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Journal ID : TMJ-05-09-2021-10638
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Title : Association Between Vitamin D levels and Breast Cancer at Mosul Nuclear Oncology Hospital: Case - Control study

Abstract :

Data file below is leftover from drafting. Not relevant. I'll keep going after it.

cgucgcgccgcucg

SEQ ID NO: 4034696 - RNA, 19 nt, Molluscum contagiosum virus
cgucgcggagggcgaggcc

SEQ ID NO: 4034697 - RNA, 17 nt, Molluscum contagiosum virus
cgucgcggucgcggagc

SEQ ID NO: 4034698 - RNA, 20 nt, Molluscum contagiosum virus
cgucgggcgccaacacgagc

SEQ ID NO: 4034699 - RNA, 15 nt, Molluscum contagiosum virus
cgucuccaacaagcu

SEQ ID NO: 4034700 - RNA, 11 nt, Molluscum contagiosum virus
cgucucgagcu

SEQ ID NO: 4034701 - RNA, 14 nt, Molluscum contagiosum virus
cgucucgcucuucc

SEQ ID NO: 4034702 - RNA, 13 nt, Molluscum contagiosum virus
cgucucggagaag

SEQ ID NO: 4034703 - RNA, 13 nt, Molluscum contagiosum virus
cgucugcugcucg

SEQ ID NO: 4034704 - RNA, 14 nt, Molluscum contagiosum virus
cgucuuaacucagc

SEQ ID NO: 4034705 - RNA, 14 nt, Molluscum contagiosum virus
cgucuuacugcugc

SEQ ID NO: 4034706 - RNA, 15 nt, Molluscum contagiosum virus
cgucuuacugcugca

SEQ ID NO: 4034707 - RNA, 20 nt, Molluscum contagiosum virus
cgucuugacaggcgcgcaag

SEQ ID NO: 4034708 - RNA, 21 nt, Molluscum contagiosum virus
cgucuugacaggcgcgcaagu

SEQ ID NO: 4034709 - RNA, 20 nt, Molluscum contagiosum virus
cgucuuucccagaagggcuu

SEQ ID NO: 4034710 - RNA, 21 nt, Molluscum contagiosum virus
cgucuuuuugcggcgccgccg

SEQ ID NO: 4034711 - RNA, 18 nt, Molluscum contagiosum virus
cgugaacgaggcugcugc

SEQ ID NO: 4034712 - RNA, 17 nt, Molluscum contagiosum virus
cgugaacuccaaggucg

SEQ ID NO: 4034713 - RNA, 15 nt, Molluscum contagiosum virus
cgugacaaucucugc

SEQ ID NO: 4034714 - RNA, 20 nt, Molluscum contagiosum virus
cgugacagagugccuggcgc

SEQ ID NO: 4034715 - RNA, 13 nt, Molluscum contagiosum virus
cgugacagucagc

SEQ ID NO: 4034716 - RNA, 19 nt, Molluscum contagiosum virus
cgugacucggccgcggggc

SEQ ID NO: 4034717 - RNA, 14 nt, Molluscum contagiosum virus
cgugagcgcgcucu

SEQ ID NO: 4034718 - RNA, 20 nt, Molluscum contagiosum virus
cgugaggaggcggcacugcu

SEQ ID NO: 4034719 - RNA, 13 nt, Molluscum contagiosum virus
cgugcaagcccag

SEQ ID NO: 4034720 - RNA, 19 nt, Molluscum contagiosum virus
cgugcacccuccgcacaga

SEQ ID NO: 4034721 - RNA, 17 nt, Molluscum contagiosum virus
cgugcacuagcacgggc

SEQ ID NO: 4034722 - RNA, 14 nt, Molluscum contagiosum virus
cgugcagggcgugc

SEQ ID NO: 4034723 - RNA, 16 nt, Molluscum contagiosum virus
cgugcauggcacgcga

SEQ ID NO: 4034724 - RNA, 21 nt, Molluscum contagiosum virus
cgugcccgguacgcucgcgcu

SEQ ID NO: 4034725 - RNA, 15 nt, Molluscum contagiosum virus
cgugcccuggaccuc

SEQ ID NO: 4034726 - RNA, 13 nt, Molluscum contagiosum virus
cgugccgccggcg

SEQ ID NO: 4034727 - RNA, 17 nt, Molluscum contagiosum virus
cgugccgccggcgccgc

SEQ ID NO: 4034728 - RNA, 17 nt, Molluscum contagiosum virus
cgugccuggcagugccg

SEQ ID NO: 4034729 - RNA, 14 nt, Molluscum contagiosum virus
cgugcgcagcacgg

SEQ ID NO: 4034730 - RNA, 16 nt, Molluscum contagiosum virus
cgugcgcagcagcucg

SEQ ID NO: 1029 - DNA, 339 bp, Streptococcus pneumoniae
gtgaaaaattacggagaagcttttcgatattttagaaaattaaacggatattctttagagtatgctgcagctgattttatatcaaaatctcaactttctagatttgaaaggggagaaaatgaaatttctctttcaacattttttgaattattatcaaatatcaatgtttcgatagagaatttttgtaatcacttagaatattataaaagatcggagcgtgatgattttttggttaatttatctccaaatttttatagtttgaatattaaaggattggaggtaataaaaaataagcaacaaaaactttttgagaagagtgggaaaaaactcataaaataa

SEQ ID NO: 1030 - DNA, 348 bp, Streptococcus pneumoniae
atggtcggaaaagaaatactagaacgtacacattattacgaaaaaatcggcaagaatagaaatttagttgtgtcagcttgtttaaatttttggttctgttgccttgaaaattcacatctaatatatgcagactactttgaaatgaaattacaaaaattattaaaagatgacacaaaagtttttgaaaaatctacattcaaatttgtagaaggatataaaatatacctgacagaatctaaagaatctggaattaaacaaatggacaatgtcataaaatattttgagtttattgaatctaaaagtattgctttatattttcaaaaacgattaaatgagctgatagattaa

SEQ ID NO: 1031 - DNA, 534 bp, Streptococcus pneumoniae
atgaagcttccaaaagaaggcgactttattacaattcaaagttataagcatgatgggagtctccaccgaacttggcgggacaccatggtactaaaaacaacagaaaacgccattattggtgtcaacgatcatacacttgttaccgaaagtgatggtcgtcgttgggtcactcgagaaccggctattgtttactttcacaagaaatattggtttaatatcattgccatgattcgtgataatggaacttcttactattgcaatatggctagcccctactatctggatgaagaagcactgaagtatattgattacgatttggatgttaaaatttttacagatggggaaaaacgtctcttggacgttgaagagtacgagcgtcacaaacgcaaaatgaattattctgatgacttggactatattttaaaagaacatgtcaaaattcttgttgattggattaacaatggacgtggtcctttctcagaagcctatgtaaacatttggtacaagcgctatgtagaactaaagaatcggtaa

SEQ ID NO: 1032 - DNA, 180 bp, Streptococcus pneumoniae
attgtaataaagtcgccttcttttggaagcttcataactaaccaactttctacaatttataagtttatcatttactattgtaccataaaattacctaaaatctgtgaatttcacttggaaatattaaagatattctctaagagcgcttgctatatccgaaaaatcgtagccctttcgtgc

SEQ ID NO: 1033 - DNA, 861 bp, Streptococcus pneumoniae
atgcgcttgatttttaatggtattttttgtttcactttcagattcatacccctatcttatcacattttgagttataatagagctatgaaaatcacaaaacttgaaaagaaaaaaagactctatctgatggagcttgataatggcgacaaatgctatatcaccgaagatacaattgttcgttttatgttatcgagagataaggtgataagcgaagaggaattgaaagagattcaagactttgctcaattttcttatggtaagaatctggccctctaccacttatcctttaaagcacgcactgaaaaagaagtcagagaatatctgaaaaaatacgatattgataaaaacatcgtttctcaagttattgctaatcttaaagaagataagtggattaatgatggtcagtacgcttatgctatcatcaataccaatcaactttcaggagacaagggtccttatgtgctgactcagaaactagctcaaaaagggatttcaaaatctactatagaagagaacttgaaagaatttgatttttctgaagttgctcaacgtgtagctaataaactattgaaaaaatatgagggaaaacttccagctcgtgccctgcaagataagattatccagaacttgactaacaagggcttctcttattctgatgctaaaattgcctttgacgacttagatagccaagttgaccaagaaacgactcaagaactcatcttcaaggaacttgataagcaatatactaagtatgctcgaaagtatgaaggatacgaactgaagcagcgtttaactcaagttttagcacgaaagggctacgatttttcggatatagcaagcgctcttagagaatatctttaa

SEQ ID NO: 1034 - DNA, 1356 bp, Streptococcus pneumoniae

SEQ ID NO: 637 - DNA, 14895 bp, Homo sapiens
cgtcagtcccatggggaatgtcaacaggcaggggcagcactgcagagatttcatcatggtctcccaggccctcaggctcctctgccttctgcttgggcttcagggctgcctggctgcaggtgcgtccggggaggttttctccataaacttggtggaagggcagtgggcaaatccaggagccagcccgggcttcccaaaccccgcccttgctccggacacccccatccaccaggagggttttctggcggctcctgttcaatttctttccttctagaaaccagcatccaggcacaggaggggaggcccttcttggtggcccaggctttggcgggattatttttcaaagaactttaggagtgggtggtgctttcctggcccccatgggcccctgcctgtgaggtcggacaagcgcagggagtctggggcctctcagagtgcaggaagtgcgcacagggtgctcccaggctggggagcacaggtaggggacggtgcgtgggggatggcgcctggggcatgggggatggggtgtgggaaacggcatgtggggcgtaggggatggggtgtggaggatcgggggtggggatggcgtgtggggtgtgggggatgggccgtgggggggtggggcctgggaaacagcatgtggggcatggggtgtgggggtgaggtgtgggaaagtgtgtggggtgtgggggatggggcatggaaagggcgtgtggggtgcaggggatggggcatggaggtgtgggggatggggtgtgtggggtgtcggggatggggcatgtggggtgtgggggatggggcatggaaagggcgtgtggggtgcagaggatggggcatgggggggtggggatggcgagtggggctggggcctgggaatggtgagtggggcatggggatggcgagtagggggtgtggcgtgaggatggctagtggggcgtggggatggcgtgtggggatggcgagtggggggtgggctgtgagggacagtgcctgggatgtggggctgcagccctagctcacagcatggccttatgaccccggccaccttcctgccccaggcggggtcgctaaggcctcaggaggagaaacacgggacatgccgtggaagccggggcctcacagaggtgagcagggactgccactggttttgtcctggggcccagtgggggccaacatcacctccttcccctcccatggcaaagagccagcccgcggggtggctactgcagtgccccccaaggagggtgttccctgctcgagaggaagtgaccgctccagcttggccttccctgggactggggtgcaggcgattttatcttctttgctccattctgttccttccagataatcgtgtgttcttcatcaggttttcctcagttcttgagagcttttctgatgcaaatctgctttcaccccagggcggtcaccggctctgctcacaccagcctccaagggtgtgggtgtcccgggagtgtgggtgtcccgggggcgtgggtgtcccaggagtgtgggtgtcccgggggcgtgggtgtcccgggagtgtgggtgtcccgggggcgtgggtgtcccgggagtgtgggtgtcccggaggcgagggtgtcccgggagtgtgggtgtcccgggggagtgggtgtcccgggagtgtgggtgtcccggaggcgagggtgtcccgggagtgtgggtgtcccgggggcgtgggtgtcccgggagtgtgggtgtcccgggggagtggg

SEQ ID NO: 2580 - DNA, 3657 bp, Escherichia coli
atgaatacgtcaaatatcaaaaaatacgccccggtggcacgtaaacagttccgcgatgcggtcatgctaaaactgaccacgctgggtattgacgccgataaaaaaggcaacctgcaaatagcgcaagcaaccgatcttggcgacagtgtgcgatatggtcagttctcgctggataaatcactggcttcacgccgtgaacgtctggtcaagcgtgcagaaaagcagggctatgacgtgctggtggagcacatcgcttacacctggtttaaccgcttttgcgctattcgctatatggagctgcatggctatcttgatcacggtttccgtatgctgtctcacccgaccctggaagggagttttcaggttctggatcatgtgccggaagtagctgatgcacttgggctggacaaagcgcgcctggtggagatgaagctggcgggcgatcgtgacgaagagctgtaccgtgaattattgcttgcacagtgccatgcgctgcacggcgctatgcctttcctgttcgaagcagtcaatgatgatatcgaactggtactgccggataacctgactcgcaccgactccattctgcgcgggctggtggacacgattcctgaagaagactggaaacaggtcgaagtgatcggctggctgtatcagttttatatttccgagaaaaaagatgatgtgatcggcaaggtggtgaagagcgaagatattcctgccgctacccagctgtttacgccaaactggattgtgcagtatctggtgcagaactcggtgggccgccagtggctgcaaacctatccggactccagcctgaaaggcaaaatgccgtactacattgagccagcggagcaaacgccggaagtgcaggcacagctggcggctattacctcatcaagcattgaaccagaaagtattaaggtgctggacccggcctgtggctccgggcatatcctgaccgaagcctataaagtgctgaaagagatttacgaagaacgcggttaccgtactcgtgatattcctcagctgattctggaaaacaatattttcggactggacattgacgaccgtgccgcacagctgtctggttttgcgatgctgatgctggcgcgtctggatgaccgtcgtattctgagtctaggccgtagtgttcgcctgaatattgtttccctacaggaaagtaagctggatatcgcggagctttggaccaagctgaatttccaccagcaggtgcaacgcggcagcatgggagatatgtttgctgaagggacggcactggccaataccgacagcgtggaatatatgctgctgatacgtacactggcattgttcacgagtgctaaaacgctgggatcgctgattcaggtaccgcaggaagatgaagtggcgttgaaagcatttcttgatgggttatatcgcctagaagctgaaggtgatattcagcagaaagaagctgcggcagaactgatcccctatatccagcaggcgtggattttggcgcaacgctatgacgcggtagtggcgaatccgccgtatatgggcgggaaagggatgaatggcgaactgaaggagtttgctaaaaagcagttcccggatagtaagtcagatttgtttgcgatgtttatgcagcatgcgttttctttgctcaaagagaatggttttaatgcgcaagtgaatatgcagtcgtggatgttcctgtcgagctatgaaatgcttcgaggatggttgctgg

Breast tumor is the most common type of cancer found in women. The issue of whether levels of vitamin D are associated with an increased risk of breast cancer has been brought up. The study's goals are to learn whether low levels of vitamin D are linked to a greater risk of breast cancer. A case-control study was conducted in Mosul Nuclear Oncology Hospital to see how blood vitamin D concentrations, vitamin D supplementation, and sunlight exposure relate to breast cancer among women in Mosul. There were a total of 66 newly diagnosed histologically confirmed primary breast cancer cases among the samples that were newly diagnosed during the time of the study, 66 matched controls, neither of whom had breast cancer nor any other diseases, who were at least 11 years old and who lived in the same geographic area and study site. Personal information, medical history, and exposure history were collected for each participant. The results reveal that women with insufficient vitamin D had a higher risk of breast cancer than those with enough vitamin D. Supplementing with vitamin D decreased the risk of breast cancer among women who had done so in the past. There appears to be a link between decreased 25(OH)D blood levels and an increased risk of breast cancer in this research. Women with lower serum 25(OH)D levels had a greater chance of developing breast cancer as a result of the association between low levels of 25(OH)D and dose-dependent disease. While the opposite association is depending on the amount of vitamin D received, the negative relationship between total supplementary vitamin D consumption and breast tumor risk is not Vitamin D insufficiency is common in Mosul, Iraq, and raising and maintaining serum vitamin D at a population level is a safe and affordable option. Inadequate access to early detection, diagnosis, and treatment as a result of poverty may help prevent breast cancer in women who are deficient in vitamin D. Proving that there is a link between the optimal amount of vitamin D and cancer prevention will need doing the first-of-a-kind research.

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